By Peter De Coensel,
CIO Fixed Income at DPAM


    • Uncertainty around the pandemic lingers. Many countries that claimed victory a few months ago got confronted with new corona outbreaks. Yet, notwithstanding that such resurgences get high news coverage and lots of airtime, aggregate confidence that we are winning the war is on the upside. Global cases over the past two weeks have started to roll-over. 5.5 billion people received at least one vaccination shot. Countries with high vaccination rates get comfort by tepid increases in hospitalisations. Excess mortality rates start to align with pre-pandemic times. Before long, we all sense that the key and potentially final test is ahead of us. The northern hemisphere autumn and winter 2021 – 2022 will be the episode that quenches the pandemic for good or catapults us in extra COVID-19 times.

    • Equity markets are priced for good times ahead and focus on the conditions in a post pandemic world. Fixed income markets hold an arm behind the back, as always. Investors have embraced this barbell approach over the summer, accumulating DM equity as well as maintaining exposure to quality DM rates and credit markets. Exposure to EM equity and bond sectors got reduced. It is as if the pandemic in DM economies will come to a standstill and EM labelled investments should be avoided given the lack of progress in fighting COVID-19.

    • Central banks and governments are aware of the potential imbalances across outcomes and continue to pull the accommodative set of cards as we stumble towards the exit. Markets are confident that we will find the exit, sooner rather than later. Science, however, is more sanguine and weighs probabilities based on vaccination progress across DM and EM countries. The scientific approach might have called for less buoyance in equity markets. What are economic indicators, leading or lagging, conveying?

    • Well first and foremost, volatility in key indicators from inflation to growth and employment has been high. Pre-pandemic standard deviations have all shot up by several notches over the past year and a half. Point in case was last Friday’s US non-farm payrolls posting +234k numbers for an almost 500k miss versus consensus estimates. Clearly, the whole economic data ecosystem has been an engine of noise rather than an economic cycle guide. Since April 2020, the wisdom of crowds has been farsighted, focusing on positive outcomes over the long haul; A rare condition. The lift in risk assets has gone hand in hand with ballooning central bank balance sheets. There is a good chance that a protracted 2022 FED taper will put the brakes on equity and parts of credit markets. FED chair Powell pulled off a remarkable result, as he disconnected conditions for taper i.e. progress in achieving 2% inflation or just above over the medium term from conditions that need to be fulfilled in order to start a rate hiking cycle i.e. maximum sustainable employment. US inflation is set to revisit the targeted 2% to 2.5% range by end of 2022. Maximum employment, a complex target encompassing minorities and less-educated workers, might only be reached by 2024 at best. The US Treasury market is in the first innings of pricing a late and protracted hiking cycle. In his Jackson Hole speech Powell reiterated the lasting presence of global deflationary forces that never disappeared from technology, digitisation and bad demographics. One should add inequality as a force that keeps rates low for longer. Indeed, savings rates of the 10% top earners are factors 3 to 5 times higher than the middle 40% or the bottom 50%.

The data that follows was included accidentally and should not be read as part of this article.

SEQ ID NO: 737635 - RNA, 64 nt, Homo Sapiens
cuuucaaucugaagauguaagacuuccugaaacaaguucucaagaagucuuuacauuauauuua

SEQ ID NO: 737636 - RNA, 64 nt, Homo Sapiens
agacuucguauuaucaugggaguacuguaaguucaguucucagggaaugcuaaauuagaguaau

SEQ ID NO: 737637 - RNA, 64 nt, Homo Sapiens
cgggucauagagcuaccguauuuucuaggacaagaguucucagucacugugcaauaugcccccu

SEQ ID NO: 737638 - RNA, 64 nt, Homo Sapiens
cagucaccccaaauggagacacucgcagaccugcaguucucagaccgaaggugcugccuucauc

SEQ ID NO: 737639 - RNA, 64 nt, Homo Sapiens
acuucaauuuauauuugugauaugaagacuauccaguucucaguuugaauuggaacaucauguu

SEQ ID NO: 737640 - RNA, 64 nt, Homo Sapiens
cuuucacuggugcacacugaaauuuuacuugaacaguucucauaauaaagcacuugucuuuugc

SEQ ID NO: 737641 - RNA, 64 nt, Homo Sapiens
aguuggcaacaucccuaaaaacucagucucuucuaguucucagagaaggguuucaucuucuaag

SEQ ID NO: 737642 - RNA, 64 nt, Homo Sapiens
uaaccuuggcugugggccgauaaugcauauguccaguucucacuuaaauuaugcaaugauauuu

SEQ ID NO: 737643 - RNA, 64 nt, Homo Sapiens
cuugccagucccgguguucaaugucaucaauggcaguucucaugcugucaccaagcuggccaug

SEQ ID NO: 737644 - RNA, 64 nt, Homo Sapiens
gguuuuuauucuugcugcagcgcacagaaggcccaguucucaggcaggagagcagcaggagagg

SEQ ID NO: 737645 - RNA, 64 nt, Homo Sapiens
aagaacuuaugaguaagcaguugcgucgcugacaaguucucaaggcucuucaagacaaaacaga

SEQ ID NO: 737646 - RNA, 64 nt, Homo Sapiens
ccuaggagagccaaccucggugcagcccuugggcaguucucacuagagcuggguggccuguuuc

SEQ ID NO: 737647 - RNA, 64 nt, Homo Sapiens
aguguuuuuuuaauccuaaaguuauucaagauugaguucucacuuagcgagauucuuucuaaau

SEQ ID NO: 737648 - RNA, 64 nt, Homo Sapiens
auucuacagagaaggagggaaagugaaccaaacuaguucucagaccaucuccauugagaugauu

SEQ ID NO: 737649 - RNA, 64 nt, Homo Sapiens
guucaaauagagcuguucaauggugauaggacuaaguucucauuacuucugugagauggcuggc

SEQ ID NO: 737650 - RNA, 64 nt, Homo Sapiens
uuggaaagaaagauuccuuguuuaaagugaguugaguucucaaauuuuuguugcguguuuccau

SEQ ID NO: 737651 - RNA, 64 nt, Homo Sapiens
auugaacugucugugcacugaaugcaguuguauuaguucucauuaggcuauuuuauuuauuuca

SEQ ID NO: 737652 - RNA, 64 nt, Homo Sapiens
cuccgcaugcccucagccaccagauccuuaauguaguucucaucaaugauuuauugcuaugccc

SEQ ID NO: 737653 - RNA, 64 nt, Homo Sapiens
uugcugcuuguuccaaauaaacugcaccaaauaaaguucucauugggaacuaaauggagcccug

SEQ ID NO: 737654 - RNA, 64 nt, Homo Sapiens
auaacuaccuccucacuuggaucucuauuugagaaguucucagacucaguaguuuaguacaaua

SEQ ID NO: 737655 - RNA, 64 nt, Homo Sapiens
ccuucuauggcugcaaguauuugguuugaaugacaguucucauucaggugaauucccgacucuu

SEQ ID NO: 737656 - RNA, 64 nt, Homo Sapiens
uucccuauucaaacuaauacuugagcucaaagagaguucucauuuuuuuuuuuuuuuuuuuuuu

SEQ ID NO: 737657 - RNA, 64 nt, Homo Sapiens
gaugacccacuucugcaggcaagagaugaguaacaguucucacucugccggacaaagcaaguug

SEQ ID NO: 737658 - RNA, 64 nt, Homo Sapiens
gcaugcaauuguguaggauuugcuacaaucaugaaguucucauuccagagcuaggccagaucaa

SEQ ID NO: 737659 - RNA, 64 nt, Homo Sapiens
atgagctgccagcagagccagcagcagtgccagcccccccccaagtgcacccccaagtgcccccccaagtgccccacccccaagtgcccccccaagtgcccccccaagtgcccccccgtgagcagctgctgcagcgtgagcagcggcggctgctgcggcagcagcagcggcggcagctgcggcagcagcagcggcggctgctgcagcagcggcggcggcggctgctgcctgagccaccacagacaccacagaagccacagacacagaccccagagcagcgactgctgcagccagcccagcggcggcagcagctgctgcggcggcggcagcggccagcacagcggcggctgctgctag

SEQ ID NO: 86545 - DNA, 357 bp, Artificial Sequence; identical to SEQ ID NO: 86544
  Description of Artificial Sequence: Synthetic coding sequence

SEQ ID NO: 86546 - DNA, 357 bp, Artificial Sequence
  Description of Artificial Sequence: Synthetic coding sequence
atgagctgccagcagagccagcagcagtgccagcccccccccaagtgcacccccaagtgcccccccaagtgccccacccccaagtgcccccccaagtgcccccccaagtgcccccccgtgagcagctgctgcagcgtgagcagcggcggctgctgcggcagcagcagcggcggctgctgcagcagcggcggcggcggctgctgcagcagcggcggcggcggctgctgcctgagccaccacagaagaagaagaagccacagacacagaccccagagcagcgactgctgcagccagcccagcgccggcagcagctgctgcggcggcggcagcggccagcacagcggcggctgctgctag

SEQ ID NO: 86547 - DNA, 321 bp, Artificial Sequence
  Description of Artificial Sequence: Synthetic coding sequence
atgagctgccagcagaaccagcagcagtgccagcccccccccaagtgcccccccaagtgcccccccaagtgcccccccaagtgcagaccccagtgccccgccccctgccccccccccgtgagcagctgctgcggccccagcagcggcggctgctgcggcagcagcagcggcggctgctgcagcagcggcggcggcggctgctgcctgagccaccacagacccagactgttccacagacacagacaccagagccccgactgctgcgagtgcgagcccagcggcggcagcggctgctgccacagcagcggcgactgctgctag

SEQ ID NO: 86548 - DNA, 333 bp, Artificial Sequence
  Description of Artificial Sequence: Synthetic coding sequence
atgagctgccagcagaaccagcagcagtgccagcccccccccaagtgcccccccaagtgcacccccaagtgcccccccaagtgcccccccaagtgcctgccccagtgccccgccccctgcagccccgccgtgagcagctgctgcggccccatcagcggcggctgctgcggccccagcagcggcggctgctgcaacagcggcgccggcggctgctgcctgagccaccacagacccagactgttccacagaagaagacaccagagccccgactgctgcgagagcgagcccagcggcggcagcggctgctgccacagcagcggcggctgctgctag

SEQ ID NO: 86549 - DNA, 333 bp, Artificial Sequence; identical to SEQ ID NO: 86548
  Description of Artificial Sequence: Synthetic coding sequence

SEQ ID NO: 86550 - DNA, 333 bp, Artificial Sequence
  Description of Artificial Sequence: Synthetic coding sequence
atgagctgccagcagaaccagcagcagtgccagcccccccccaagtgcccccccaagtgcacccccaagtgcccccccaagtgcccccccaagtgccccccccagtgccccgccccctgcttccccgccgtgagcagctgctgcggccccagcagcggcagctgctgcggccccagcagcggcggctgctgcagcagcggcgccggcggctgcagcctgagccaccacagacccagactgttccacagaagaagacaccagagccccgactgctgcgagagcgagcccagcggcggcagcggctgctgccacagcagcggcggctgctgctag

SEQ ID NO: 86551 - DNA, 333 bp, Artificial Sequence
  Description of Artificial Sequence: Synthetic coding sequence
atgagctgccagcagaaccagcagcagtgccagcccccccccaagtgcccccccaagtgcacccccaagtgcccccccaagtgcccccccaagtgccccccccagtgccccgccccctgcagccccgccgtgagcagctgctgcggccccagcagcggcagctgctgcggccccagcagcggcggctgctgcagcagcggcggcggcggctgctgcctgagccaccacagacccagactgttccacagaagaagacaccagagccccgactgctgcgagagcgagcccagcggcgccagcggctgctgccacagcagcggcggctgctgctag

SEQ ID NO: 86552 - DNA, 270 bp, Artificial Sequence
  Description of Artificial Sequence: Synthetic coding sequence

• So, what did this summer reveal? DM rates recaptured a downward bias. Equity markets powered ahead, led by strength in quality-growth names across the US and Europe, reaching for new record highs. In stark contrast, we witnessed Chinese tech stocks getting pummelled anew as the communist party tightened its grip. They steer on a macro-level, fostering ‘common prosperity’. The Chinese stock slump is treated as an idiosyncratic event. Again. Most market shocks get that label as central banks liquidity provisioning is a medicine that cures all evils. Indeed, since the end of 2008, QE has changed valuation equations and the signal ability of markets.

    • So far, 2021 has been a year where traditional investment profiles saw blockbuster returns. The rate scare over the first quarter was short-lived. The FED staged a highly convincing communication performance. Bond managers across the globe embraced the transitory inflation narrative. From defensive over balanced up to dynamic portfolios, 2021 is on track to become a blockbuster year. With defensive portfolios delivering 4%+ returns, we watch balanced profiles attempting to cross the 10% barrier. Dynamic profiles steam ahead, posting 14%+ results. A lesson over 2021 reminds us of the adagio that time in the market easily beats timing the market. Knocking in another open window that deserves to be repeated is that global diversification across equity and bond sectors pays off.


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